Story: Sports reporting and commentating

The ways sports have been reported to fans and supporters has reflected the changing history of the media – and changing technology. Early newspapers carried reports of local sports games, but coverage of international sports events often appeared months later. Radio broadcasts of sport began in the 1920s, and television coverage in the 1960s.

Story by Keith Quinn
Main image: Keith Quinn with nine sets of Olympic Games accreditation, 2008

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Newspapers were established in New Zealand from 1840, and reported on racing and cricket from the beginning. Coverage increased in the 1860s as more sports clubs were established. Overseas sports events were reported, but often months after the event. The telegraph and then the telephone allowed faster reporting. The 1924–25 ‘Invincibles’ were the first All Black team to be accompanied by a reporter on an overseas tour. Later official reporters travelled with All Black teams.

From the later 20th century newspapers had to compete with radio, television and internet coverage – all of which were faster.

Prominent sports writers have included T. P. McLean, Dick Brittenden and Alex Veysey. Sports reporters have often also produced books.

Sports photography

Early cameras used bulky glass plates, and photographers could shoot only a few images of each event. After the Second World War, New Zealand photographers were sent to cover overseas sports tours. Peter Bush is an internationally known sports photographer.


From the 1920s sports commentary was broadcast on the radio. The first rugby test between New Zealand and Britain to be broadcast was from Carisbrook in Dunedin in 1930. Radio commentator Winston McCarthy became well-known worldwide for his colourful style of broadcasts. Radio commentaries of horse racing have long been popular, partly because of off-course betting. In the 2000s radio reporters were still sent to broadcast overseas sports events to New Zealand.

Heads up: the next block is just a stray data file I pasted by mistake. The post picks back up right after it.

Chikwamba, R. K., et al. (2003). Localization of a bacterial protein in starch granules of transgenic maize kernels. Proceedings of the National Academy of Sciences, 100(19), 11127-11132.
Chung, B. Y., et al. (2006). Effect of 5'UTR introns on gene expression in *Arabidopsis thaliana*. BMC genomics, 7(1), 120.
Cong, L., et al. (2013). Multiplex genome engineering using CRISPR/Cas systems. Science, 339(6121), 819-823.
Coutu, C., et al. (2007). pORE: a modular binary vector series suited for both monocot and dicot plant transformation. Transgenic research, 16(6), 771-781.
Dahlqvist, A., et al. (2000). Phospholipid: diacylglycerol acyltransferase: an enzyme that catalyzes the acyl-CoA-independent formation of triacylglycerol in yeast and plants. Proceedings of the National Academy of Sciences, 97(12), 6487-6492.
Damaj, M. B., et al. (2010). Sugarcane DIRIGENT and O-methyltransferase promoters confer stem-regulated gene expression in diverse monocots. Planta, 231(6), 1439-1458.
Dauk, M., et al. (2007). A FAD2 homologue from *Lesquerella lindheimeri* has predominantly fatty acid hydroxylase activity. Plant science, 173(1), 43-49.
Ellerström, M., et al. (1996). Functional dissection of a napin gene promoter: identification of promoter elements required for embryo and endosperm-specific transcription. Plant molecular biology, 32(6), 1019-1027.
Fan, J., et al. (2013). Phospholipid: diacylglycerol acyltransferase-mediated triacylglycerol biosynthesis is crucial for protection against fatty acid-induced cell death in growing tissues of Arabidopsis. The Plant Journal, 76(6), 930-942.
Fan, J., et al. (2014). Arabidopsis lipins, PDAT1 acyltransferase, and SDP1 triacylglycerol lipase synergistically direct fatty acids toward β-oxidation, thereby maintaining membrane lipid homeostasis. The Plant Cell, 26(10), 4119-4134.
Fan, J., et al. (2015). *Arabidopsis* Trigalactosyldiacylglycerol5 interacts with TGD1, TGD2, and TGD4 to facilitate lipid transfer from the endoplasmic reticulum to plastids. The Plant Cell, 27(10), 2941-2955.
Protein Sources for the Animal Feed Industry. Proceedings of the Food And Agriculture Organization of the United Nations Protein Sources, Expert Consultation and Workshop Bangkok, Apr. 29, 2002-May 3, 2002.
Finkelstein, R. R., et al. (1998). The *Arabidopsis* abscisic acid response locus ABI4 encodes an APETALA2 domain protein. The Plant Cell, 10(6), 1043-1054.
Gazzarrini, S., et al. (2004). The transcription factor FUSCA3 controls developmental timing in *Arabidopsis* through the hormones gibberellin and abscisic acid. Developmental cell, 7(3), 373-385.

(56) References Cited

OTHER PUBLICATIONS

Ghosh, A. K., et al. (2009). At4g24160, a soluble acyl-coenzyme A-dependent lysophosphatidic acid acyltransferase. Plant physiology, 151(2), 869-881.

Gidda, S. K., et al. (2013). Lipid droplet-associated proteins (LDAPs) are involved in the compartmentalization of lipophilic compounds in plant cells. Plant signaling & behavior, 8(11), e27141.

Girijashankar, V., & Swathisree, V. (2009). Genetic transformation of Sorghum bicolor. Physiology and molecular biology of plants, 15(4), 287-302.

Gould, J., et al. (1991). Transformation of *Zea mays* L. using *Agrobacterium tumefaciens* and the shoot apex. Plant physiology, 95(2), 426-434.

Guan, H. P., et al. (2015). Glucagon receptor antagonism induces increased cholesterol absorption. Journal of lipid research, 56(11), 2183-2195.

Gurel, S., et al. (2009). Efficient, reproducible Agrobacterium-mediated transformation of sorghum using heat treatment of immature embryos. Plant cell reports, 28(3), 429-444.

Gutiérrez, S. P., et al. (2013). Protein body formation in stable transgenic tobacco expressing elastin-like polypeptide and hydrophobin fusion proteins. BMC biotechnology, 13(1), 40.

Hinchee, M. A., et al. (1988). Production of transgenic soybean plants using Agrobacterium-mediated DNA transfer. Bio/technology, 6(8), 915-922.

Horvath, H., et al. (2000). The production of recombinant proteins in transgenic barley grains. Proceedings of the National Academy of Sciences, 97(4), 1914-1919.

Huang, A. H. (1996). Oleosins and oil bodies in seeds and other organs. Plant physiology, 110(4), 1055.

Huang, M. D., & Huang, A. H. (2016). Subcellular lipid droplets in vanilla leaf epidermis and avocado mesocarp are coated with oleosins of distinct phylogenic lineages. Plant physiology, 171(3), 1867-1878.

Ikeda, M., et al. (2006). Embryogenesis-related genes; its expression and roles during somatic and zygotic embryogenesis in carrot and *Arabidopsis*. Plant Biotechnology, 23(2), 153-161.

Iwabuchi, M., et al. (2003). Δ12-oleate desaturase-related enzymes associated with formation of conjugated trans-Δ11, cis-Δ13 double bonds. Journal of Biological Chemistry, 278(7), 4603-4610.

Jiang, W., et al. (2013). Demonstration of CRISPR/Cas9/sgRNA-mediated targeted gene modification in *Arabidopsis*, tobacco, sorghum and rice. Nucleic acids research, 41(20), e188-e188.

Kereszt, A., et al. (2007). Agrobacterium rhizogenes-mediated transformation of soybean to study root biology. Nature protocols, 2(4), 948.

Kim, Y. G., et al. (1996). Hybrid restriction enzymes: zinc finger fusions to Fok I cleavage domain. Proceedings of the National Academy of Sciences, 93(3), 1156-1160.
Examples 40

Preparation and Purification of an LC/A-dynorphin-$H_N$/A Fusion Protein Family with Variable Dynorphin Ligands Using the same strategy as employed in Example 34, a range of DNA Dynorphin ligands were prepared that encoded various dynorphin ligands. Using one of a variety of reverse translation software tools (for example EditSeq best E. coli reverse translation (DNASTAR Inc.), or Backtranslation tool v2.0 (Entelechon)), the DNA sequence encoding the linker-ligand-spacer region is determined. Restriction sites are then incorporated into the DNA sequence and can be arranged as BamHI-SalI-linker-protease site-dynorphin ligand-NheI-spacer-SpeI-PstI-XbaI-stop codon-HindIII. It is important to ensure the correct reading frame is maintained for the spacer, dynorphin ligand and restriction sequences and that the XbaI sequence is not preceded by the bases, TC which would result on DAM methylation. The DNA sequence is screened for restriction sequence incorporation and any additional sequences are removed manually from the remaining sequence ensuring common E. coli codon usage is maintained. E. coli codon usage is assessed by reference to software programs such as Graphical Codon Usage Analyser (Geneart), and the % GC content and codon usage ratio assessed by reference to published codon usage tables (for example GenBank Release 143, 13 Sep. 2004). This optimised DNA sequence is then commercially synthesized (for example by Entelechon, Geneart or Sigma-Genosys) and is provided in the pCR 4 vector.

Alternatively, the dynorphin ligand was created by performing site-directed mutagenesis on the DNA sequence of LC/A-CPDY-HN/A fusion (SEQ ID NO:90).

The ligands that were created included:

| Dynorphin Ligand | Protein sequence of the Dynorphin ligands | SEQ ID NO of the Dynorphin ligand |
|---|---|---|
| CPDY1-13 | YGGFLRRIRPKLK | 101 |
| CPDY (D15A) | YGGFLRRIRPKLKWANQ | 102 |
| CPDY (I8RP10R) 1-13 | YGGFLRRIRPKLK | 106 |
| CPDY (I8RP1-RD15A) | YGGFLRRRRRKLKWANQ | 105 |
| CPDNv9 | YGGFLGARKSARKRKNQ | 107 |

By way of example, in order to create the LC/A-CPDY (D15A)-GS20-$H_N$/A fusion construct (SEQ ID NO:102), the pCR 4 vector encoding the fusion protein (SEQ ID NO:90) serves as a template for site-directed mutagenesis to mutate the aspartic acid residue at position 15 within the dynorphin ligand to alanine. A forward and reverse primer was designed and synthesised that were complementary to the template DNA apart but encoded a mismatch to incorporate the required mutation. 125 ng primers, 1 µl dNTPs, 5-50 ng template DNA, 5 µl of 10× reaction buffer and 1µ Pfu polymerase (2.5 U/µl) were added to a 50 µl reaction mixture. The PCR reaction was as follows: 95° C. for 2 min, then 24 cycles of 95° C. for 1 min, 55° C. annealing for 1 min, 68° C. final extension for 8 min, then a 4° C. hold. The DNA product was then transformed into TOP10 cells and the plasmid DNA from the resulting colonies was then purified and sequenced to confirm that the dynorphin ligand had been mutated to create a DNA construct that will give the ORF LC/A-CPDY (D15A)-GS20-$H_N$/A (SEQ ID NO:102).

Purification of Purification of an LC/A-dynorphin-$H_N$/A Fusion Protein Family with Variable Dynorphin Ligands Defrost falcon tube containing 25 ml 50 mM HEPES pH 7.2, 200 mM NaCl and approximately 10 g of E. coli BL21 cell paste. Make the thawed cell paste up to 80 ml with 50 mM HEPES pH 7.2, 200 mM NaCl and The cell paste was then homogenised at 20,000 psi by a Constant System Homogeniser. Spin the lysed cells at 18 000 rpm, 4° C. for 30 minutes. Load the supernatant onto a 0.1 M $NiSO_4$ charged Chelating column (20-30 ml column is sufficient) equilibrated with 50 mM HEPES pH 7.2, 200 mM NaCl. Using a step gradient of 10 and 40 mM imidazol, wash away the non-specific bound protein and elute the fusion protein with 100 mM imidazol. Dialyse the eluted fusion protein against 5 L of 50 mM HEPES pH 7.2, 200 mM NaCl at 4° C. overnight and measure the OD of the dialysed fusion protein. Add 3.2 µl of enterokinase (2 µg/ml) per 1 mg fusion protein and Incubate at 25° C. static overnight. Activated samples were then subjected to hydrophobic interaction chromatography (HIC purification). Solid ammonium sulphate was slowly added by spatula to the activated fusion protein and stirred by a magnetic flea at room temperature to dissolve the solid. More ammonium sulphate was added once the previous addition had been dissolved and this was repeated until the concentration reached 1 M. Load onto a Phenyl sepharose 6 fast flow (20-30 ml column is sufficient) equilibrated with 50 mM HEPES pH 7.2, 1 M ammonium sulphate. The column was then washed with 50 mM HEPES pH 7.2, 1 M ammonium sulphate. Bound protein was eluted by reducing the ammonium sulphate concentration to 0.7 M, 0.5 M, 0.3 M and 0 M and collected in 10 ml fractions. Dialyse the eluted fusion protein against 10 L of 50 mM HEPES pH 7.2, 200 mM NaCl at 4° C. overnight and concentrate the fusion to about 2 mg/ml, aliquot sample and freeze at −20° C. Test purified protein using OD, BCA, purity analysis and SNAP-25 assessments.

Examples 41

The first live television broadcast of a New Zealand team was in 1954, when an All Blacks game in London was televised in Britain. In Dunedin in 1962 an All Blacks test match against Australia was recorded on videotape and shown on television the next day. Until 1972 the New Zealand Rugby Football Union would not permit live coverage of games because it might affect ticket sales.

During the 1974 Commonwealth Games in Christchurch, for the first time much of the coverage was in colour. From the mid-1990s the television rights for many sports events were held by the privately owned Sky TV. In 2013 Sky TV broadcast eight sports channels.

During the 1987 and 2011 rugby world cups, held in New Zealand, local staff provided major ‘host’ coverage for overseas television stations.

How to cite this page:

Keith Quinn, 'Sports reporting and commentating', Te Ara - the Encyclopedia of New Zealand, (accessed 19 June 2024)

Story by Keith Quinn, published 5 September 2013